Quantitative genetic evidence that the timing of vegetative phase change in Eucalyptus globulus ssp. globulus is an adaptive trait
Jordan, GJ and Potts, BM and Chalmers, P and Wiltshire, RJE (2000) Quantitative genetic evidence that the timing of vegetative phase change in Eucalyptus globulus ssp. globulus is an adaptive trait. Australian Journal of Botany, 48 (5). pp. 561-567.
Official URL: http://dx.doi.org/10.1071/BT99038
The adaptive significance of the timing of the abrupt change in leaf form in Eucalyptus globulus Labill. spp. globulus was investigated using quantitative genetic analysis of several field trials containing open-pollinated progenies. Five large trials contained progeny from across the whole geographic range of this taxon. On this broad scale, early phase change appears to promote growth on two sites but not the other three, implying differential selection for the timing of phase change. The timing of vegetative phase change varied markedly between broad geographic regions, consistent with either adaptation to broad scale variation or historical differentiation. Data from one small trial demonstrated a genetic basis to a steep local cline in habit, in the size of plants flowering and in the height of the change in foliage type. In this trial, the progeny from an exposed coastal cliff top had markedly slower growth, earlier vegetative phase change and first flowering than the progeny from 1.5 km inland. This genetically determined combination of slow growth, early phase change and precocious flowering appears to be maintained in exposed coastal environments by current selection, and contrasts with more complex patterns of broad scale geographic variation. The genetic association of the timing of vegetative phase change with growth rate, a fitness surrogate, ranged from positive to negative at different sites. Early phase change may, for example, be favoured in warm, wet environments to reduce damage by leaf fungi, but may also be favoured on exposed dry sites to increase xeromorphy. The patterns of genetic variation in nature may thus result from multiple causes (both biotic and abiotic) and their interpretation will be complex.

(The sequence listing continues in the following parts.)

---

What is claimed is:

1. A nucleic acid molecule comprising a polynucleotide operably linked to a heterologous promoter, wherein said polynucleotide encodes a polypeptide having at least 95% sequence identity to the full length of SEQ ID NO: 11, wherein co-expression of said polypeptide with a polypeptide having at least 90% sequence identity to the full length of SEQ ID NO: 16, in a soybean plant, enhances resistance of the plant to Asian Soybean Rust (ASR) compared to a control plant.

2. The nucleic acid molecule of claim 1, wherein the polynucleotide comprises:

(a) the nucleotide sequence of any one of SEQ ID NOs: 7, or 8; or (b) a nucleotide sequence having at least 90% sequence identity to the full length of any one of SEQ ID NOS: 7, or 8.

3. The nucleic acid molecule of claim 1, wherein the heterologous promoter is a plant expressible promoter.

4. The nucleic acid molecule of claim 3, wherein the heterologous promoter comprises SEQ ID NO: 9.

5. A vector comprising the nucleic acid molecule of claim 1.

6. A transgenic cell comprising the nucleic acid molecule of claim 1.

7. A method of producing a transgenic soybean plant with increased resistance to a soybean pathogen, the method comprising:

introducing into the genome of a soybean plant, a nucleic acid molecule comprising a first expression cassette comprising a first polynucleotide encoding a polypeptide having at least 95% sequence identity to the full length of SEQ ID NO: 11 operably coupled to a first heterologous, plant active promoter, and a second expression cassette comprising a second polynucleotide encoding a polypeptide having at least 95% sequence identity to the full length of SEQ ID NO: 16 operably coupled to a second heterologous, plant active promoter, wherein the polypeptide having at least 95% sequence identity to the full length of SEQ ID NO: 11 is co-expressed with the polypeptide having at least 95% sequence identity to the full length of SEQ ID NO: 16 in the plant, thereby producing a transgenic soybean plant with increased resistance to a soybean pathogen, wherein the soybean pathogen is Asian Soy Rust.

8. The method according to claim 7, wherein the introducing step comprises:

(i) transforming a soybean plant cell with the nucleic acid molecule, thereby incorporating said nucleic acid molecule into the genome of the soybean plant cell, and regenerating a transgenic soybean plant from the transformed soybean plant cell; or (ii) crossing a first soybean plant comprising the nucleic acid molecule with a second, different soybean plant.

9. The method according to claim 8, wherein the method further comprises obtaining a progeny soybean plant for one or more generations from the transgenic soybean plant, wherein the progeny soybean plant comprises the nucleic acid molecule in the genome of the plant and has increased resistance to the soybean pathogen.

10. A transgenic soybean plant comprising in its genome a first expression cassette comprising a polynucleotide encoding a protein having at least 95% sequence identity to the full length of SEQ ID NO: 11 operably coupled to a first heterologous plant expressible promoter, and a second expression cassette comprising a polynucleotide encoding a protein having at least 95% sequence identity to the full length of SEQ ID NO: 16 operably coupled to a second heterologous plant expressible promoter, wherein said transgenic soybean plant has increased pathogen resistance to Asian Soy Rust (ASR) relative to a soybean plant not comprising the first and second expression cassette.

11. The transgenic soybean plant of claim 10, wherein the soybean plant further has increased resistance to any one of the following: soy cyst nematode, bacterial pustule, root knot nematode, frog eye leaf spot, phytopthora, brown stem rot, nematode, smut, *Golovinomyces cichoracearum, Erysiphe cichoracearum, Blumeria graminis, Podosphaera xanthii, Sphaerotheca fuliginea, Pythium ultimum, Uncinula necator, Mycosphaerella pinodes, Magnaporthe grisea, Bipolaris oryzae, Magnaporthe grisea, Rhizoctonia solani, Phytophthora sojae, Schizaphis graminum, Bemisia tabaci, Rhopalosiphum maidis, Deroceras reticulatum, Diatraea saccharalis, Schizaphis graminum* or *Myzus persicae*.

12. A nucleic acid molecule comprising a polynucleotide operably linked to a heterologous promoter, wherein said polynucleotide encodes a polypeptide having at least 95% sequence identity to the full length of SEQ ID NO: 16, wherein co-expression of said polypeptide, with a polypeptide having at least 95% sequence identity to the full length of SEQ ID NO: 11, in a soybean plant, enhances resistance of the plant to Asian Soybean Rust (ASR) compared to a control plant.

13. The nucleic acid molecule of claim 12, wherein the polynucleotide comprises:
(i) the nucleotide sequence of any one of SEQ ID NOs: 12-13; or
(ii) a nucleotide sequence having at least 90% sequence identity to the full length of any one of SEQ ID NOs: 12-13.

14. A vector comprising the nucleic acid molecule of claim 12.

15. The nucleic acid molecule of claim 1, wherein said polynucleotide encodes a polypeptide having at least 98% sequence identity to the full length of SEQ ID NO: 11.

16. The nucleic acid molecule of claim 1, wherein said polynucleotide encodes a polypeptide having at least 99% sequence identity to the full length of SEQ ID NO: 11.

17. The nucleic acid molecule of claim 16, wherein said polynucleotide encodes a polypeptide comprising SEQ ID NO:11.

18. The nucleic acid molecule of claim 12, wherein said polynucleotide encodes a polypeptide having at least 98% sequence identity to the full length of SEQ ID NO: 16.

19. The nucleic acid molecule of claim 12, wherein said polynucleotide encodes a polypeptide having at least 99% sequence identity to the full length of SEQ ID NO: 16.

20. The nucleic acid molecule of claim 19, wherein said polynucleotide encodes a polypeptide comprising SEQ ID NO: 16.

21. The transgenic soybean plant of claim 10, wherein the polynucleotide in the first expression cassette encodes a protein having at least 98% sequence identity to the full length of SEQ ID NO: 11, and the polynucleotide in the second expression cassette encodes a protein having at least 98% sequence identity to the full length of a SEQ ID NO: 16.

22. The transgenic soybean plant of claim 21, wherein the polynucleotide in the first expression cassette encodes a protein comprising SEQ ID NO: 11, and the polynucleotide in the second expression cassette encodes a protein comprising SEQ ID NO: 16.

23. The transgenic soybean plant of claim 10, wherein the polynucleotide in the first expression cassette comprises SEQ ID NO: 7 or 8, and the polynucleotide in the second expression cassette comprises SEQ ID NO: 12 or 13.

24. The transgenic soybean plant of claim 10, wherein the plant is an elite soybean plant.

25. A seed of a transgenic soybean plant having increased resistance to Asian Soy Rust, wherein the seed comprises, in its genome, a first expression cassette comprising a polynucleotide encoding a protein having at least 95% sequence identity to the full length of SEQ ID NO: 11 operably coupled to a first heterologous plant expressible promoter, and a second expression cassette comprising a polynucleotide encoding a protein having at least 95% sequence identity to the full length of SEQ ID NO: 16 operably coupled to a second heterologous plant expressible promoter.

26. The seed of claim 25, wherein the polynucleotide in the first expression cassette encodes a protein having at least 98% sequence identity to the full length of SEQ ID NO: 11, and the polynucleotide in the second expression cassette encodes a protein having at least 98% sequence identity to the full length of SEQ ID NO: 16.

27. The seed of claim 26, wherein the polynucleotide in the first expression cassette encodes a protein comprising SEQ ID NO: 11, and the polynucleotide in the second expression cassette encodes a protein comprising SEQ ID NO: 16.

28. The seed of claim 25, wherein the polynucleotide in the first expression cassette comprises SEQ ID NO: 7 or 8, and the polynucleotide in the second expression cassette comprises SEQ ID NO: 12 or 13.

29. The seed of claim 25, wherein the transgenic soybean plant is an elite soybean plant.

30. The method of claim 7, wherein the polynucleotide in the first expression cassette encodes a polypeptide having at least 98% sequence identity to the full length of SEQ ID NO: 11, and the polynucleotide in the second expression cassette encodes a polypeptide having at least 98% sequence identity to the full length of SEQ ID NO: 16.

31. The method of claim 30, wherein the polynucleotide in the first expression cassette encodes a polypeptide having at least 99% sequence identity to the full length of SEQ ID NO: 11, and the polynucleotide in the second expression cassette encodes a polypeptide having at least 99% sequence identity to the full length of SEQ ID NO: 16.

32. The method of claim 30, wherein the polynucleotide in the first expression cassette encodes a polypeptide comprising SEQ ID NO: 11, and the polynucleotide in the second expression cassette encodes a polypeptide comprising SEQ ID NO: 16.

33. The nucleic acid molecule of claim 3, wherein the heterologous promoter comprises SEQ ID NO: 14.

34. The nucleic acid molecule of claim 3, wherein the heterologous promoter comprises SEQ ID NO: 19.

|Additional Information:||BM Potts. The definitive version is available online at http://www.publish.csiro.au/nid/65.htm|
|Keywords:||heterochrony, neotony, phase change|
|Deposited By:||Dr Gregory J Jordan|
|Deposited On:||03 Sep 2007|
|Last Modified:||12 Sep 2008 12:39|
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